Nursing Jobs Outside the Hospital
If you’re asking yourself what other jobs are available for nurses, you’re not alone. You may be asking what else you can do with your nursing degree… away from the unit, away from the hospital. You may have a passion that isn’t being met in your current work situation. Preventative care? Alterative healing? Perhaps you want to bring your religious faith into the equation. Or perhaps you are just ready for a new challenge.
Conversely, you may be feeling burned out in your current role. You may be seeing too much death and too many crises. And you may be tired -- or ill -- from working those twelve hours shifts. It doesn’t mean you aren’t a skilled nurse. There are a lot of reasons nurses seek positions outside of traditional hospital settings. Here’s a look at some of the options that exist for an experienced nurse.
This job is about passion. Increasingly, health services are being delivered where they are needed most: in the larger community. In this role, you may screen moms-to-be and children for illness and developmental disability You may educate people about disease management and prevention.
Managed care companies are hiring nurses to teach people healthy habits. It’s good for customers, and it’s surprisingly good for their bottom line. Nurses get a chance to do one of the things they do best -- promote health. (Why wait for illness to strike?)
Doctor’s offices are among the largest employers of nurses. The pay is often a bit lower than the hospital, but the hours are more regular. Some physician’s office nurses are specialists, but many are generalists. A physician’s office nurse may actually have more varied job duties than her counterpart in the medical/ surgical hospital.
School nursing is very popular career choice, though it often takes a bit of extra work to land a job. You’re responsible for helping meet the needs of special education students, educating staff members, conducting screenings, giving insulin shots and asthma treatments, and otherwise managing care for chronically ill youngsters. And of course there’s the part we all remember: treating recess scrapes. The hours can be very desirable -- particularly if you have kids yourself.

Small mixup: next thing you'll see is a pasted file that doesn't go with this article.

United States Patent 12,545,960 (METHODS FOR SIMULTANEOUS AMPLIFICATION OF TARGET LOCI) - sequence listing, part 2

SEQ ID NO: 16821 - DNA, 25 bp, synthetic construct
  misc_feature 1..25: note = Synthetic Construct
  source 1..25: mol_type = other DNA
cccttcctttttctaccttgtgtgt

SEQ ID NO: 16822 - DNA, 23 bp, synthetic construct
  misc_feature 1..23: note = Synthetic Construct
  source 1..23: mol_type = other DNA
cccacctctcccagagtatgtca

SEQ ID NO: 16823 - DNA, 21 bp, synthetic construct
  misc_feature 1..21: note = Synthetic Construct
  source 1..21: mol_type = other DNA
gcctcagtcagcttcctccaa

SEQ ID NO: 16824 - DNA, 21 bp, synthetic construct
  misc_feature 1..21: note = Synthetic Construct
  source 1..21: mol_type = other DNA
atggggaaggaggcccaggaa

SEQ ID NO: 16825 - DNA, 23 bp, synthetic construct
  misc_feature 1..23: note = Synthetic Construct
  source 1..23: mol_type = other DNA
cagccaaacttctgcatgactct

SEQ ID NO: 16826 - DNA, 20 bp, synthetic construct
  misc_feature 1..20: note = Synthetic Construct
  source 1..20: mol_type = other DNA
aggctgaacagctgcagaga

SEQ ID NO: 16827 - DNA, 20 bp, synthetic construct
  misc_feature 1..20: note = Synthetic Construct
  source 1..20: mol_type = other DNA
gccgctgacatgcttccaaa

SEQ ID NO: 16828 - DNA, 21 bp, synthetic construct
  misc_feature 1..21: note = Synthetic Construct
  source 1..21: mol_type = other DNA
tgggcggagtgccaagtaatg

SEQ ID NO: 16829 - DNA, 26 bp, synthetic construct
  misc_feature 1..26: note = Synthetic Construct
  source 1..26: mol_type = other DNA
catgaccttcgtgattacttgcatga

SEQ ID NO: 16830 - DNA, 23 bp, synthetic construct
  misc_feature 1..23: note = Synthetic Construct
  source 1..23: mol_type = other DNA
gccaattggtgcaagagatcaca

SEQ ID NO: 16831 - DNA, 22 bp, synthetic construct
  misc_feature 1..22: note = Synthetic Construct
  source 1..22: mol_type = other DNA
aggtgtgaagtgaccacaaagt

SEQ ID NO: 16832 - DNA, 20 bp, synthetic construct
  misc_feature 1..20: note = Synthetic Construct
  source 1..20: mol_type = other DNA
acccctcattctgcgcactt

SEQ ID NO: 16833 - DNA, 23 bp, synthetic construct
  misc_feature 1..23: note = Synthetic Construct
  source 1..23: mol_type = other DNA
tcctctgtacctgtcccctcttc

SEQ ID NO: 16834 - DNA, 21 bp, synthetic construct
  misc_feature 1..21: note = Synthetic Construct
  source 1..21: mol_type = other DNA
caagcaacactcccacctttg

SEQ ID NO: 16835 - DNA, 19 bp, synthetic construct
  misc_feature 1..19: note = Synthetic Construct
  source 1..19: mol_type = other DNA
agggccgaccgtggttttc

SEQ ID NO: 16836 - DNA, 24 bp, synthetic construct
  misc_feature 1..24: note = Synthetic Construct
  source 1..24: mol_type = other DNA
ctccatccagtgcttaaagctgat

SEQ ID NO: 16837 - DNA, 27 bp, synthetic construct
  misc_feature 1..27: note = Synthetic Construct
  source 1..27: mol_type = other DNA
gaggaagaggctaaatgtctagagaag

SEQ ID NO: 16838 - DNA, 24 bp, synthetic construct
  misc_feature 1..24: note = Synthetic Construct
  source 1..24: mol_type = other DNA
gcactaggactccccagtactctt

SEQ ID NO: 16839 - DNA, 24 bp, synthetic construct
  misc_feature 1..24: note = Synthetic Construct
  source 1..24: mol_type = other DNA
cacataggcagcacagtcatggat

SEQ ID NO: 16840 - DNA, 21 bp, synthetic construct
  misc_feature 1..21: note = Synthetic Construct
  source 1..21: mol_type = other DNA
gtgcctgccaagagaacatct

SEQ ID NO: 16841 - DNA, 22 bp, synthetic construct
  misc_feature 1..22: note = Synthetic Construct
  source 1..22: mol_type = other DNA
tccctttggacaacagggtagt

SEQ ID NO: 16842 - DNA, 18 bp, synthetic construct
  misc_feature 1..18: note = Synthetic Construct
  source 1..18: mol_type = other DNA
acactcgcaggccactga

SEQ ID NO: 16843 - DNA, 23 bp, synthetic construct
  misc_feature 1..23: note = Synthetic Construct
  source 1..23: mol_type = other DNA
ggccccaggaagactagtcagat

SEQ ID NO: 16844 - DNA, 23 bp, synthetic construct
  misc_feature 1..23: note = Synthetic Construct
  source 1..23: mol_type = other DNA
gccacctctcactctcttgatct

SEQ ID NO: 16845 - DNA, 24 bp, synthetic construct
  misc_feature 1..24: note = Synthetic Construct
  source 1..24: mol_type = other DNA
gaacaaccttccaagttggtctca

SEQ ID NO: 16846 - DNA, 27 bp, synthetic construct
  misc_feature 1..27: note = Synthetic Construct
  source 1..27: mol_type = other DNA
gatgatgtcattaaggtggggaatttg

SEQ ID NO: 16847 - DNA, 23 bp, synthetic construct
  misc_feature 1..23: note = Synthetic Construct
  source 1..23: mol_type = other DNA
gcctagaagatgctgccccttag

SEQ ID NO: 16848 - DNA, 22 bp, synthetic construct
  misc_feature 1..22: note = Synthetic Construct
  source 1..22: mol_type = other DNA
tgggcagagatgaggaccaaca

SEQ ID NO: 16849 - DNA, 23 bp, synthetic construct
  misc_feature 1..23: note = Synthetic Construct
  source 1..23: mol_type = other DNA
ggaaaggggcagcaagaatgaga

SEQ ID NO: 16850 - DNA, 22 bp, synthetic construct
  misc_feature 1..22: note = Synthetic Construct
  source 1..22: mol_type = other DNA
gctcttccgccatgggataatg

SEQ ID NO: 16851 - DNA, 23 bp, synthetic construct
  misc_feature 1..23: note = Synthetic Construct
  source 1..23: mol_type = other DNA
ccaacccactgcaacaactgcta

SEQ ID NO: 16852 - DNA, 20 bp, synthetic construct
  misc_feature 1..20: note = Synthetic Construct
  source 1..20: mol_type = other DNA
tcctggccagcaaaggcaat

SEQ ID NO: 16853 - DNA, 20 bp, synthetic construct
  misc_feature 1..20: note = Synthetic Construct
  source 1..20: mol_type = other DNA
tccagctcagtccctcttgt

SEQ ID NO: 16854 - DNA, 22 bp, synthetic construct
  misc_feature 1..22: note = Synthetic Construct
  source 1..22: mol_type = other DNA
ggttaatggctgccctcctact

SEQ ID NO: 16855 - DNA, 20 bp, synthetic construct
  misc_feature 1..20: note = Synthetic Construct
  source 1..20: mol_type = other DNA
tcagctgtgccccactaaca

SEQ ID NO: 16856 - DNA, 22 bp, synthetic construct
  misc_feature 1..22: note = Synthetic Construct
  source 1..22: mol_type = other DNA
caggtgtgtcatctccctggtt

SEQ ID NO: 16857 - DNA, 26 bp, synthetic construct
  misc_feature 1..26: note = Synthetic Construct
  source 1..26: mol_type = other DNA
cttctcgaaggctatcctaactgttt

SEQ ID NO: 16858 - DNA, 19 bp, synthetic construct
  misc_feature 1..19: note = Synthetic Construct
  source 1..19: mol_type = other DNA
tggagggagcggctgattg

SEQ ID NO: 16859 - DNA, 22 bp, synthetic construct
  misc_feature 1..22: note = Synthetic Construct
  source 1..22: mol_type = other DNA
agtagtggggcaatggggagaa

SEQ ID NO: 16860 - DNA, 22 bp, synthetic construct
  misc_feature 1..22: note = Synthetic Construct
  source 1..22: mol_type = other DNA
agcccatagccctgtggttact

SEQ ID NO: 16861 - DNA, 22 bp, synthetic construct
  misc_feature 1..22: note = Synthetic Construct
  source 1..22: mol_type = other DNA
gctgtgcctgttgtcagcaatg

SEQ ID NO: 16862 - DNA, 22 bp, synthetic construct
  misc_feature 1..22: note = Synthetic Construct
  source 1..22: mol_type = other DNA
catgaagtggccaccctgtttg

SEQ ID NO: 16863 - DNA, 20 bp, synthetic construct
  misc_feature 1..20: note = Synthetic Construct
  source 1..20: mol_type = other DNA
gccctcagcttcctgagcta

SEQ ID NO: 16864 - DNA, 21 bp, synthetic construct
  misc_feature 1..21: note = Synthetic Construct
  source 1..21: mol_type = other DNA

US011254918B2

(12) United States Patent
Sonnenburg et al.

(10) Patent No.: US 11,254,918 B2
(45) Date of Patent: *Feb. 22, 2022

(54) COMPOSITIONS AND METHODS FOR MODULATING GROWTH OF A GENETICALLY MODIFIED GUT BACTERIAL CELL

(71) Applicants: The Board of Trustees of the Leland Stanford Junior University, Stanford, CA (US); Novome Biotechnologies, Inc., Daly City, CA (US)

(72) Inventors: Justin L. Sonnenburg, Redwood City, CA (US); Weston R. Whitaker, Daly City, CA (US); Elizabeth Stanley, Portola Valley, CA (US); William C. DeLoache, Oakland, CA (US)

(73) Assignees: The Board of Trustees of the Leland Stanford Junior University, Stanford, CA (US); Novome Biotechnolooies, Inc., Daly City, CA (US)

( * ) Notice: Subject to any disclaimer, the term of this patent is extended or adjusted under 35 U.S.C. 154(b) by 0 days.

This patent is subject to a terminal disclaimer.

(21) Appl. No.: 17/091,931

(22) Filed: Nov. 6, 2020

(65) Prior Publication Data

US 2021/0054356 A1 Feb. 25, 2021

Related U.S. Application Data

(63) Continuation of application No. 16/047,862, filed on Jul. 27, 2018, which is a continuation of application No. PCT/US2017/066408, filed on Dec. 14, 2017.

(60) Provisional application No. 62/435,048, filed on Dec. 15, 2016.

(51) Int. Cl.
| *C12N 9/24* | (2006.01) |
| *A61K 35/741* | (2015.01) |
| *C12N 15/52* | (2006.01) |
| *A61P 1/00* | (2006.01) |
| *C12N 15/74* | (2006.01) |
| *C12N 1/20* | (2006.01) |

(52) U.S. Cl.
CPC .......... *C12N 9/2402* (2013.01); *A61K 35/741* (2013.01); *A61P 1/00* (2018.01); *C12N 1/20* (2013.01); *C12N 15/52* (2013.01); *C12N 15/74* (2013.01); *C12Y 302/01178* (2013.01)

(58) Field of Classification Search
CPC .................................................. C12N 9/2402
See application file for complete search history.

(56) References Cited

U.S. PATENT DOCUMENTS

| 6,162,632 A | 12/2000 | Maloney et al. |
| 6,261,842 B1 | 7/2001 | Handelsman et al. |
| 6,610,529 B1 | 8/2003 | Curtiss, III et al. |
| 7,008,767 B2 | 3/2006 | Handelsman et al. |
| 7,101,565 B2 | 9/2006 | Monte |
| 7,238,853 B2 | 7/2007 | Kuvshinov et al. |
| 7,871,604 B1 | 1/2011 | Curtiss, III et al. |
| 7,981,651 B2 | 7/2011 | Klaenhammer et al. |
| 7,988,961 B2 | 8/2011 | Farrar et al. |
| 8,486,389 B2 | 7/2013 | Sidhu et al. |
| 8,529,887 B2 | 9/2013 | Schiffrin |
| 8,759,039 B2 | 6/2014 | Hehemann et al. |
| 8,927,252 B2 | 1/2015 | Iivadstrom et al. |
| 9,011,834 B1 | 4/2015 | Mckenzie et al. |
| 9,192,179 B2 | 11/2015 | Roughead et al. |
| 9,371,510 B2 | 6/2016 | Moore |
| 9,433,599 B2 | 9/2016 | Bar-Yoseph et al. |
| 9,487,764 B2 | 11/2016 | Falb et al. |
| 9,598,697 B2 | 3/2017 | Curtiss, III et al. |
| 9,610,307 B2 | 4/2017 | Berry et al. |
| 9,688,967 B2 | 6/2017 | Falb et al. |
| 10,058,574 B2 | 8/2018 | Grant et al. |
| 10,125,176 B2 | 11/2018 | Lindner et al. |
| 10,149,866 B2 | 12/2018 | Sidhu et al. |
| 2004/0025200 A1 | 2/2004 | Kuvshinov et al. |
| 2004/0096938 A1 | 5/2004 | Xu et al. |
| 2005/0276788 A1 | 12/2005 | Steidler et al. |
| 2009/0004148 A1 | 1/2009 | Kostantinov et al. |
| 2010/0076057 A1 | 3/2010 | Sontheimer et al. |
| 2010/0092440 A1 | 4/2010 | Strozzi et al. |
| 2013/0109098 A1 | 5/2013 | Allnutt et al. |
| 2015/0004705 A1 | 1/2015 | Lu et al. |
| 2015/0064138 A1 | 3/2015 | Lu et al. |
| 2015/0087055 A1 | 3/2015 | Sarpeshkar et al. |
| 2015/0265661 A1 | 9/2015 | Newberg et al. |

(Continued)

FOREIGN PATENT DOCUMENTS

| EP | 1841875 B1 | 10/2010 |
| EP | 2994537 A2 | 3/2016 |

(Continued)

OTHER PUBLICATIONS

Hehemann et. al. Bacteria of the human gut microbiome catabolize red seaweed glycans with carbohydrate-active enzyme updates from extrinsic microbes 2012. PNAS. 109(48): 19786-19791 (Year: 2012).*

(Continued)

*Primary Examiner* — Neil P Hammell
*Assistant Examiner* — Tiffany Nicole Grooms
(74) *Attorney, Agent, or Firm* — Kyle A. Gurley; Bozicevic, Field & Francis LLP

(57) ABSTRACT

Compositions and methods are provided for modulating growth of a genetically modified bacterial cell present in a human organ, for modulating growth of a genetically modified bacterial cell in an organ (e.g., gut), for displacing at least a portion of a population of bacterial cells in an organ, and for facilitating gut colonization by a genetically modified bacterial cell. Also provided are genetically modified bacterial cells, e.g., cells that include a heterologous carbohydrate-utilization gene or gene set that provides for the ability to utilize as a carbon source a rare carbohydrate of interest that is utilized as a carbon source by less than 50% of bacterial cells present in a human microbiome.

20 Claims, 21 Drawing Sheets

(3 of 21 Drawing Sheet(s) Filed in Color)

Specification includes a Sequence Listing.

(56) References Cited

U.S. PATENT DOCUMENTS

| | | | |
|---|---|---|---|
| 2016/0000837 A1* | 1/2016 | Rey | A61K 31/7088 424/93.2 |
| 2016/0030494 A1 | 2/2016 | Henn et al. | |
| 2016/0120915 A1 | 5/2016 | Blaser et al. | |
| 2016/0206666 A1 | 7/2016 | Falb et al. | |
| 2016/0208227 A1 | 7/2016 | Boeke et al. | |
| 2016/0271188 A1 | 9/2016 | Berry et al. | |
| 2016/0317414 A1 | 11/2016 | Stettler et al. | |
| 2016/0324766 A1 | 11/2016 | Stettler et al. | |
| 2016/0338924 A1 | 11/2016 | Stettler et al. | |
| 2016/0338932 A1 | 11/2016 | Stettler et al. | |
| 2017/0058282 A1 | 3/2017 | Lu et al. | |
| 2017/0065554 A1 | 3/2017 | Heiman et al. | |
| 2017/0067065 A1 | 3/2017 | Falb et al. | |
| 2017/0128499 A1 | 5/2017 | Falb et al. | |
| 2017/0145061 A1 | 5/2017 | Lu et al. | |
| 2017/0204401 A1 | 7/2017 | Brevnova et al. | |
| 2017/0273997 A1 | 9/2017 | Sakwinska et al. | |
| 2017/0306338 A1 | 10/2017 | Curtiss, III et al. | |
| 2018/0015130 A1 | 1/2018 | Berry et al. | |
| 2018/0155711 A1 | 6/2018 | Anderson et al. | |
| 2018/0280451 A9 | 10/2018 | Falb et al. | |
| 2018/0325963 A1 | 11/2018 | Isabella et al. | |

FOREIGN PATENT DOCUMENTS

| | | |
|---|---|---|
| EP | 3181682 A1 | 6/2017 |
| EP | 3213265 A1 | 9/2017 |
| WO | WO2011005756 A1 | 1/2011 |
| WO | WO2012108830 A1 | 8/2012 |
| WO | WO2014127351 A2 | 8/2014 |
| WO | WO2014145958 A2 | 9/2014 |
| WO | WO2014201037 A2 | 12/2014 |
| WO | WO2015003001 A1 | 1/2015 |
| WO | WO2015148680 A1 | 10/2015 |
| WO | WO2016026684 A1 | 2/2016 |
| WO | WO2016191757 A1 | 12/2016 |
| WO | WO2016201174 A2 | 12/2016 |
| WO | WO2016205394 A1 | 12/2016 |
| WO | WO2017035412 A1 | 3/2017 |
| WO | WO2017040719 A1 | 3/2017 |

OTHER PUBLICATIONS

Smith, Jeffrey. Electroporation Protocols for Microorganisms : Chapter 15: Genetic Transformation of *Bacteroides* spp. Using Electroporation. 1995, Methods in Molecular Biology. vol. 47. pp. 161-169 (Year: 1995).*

Parish nurses (also known as faith community nurses) work at wellness centers, serving a religious congregation as well as the larger community. They provide health education and counseling and act as liaisons and resource people. They are often employed by large Christian congregations but may be employed by Jewish or Muslim congregations as well.
Nurses may be employed by complementary and alternative practitioners. If you’re someone who believes in and uses these services yourself -- and many nurses do -- this can be an exciting option.
An occupational health nurse may wear a number of hats. One role is to serve as a consultant, evaluating the workplace to make sure that it’s a healthy environment, and that injuries are unlikely to happen. An occupational nurse may also evaluate and treat individual employees who have workplace injuries or other health conditions.
More than half of informatics nurses are employed outside hospital settings. They may evaluate and implement systems, consult, and educate other staff members.
RNs employed by long term care facilities often have roles that include coordination of services as well as some supervision.
Nursing from home? Really! Triage nurses follow well defined protocol to determine the appropriate level of care. Should the patient rush to the emergency room or call his physician on Monday morning? And if it does not appear to be urgent, what should he do to make himself more comfortable in the mean time? Some nurses choose triage for practical reasons. They may be developing conditions like arthritis that make it harder to walk the floor for hours at a stretch. Some experienced nurses work from home, using computer software to help guide them through the interview process. The pay is typically a bit less, but the job can make it easier to stay in nursing.